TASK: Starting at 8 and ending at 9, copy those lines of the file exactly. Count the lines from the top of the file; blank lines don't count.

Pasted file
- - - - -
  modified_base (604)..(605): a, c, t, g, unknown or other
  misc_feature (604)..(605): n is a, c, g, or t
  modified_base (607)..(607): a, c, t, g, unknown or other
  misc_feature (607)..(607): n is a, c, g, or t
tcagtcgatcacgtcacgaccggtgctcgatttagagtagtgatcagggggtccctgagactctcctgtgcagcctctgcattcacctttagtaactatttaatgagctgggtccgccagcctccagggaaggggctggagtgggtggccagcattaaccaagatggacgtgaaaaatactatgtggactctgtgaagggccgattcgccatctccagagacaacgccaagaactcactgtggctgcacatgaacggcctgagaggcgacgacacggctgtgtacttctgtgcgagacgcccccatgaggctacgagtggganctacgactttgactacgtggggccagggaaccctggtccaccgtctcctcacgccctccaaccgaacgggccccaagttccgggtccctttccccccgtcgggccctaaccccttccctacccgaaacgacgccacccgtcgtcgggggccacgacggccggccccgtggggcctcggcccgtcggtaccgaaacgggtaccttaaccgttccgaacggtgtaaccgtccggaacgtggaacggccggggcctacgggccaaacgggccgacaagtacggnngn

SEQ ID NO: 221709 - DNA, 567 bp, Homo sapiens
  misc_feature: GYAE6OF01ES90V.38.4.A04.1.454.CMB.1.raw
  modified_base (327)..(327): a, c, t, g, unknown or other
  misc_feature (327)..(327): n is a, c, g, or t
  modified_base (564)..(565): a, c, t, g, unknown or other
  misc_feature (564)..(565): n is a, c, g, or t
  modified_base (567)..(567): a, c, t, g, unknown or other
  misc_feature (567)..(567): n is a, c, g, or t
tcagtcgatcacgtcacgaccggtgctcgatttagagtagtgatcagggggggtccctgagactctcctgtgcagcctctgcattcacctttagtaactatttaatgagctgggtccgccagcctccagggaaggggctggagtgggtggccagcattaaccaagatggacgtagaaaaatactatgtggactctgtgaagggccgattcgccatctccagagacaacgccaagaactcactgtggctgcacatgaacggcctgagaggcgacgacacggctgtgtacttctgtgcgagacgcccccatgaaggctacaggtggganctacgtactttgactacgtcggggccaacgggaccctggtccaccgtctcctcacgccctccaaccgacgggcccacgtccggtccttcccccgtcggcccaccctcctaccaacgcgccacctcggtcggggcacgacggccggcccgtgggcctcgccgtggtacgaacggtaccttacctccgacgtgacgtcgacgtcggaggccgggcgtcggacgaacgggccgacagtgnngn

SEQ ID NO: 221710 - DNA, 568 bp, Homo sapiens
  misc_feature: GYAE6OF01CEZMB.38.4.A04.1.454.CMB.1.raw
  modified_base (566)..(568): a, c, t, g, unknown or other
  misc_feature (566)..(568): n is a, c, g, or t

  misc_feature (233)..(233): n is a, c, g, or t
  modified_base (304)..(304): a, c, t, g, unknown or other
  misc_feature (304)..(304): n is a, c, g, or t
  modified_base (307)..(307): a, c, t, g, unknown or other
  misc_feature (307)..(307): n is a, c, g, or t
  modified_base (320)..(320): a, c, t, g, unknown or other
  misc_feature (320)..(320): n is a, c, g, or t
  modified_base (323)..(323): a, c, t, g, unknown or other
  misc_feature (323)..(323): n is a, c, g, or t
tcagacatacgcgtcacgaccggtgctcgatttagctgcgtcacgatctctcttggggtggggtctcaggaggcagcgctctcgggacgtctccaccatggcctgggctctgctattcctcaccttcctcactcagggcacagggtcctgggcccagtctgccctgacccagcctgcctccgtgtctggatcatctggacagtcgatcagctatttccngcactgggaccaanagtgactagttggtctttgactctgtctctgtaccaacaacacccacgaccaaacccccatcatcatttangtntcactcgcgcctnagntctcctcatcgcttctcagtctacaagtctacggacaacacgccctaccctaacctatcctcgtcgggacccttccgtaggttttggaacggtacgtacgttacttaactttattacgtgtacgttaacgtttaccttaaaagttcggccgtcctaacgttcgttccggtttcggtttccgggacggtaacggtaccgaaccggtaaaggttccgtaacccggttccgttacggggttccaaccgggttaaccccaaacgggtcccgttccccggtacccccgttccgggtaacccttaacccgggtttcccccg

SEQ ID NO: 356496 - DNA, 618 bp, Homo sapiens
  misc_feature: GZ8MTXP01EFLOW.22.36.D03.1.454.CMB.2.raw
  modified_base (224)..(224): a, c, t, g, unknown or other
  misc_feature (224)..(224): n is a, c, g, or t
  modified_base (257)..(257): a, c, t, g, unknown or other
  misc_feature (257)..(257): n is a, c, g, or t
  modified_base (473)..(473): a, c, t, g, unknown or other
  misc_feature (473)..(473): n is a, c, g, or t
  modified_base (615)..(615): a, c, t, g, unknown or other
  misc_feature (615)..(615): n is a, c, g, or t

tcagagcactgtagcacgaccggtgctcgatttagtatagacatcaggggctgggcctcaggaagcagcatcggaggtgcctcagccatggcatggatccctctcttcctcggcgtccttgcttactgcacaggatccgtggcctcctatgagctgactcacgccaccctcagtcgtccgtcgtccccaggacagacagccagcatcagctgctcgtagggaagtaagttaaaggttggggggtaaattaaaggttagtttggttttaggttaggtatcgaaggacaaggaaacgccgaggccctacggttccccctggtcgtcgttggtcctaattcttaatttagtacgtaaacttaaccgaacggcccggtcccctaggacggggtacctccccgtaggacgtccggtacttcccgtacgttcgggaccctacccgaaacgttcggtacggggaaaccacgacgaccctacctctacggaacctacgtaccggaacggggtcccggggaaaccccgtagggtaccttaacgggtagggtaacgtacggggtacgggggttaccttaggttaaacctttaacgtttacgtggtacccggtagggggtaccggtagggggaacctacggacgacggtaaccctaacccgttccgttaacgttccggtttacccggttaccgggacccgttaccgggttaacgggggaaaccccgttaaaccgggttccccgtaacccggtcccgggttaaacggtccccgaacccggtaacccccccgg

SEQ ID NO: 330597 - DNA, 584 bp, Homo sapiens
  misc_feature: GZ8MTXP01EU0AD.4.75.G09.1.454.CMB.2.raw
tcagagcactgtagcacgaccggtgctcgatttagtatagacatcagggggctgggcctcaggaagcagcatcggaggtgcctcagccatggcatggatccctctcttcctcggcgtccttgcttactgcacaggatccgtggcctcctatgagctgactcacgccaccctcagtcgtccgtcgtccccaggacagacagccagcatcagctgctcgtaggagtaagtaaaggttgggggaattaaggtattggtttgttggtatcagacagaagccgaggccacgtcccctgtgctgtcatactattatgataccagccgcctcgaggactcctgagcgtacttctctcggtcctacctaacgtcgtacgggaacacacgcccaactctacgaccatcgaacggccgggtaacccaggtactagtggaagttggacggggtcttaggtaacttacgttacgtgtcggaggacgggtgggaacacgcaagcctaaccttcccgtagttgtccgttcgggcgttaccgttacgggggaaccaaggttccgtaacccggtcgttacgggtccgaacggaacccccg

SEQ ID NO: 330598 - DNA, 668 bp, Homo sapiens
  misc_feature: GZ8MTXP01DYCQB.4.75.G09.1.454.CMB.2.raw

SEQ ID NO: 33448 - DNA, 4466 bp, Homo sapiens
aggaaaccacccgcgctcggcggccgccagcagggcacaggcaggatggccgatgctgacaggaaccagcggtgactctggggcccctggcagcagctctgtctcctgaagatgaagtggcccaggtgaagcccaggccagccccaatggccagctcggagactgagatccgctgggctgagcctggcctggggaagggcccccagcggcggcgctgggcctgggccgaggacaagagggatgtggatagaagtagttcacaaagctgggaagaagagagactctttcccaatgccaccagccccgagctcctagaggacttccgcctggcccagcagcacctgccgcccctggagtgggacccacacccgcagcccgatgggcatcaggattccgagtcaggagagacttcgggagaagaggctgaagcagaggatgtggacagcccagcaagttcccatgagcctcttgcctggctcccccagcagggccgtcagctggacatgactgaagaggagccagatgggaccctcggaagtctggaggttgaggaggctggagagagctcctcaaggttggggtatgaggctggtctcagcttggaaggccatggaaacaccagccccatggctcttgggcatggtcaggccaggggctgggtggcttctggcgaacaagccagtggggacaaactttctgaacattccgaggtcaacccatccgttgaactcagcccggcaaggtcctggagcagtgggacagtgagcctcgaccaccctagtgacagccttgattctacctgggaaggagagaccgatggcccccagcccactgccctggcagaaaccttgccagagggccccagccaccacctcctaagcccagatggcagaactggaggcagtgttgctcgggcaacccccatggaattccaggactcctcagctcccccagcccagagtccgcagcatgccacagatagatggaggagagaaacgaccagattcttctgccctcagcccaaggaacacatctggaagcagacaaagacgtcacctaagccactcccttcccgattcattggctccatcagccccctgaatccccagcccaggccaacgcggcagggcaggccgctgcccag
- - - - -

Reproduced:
  modified_base (327)..(327): a, c, t, g, unknown or other
  misc_feature (327)..(327): n is a, c, g, or t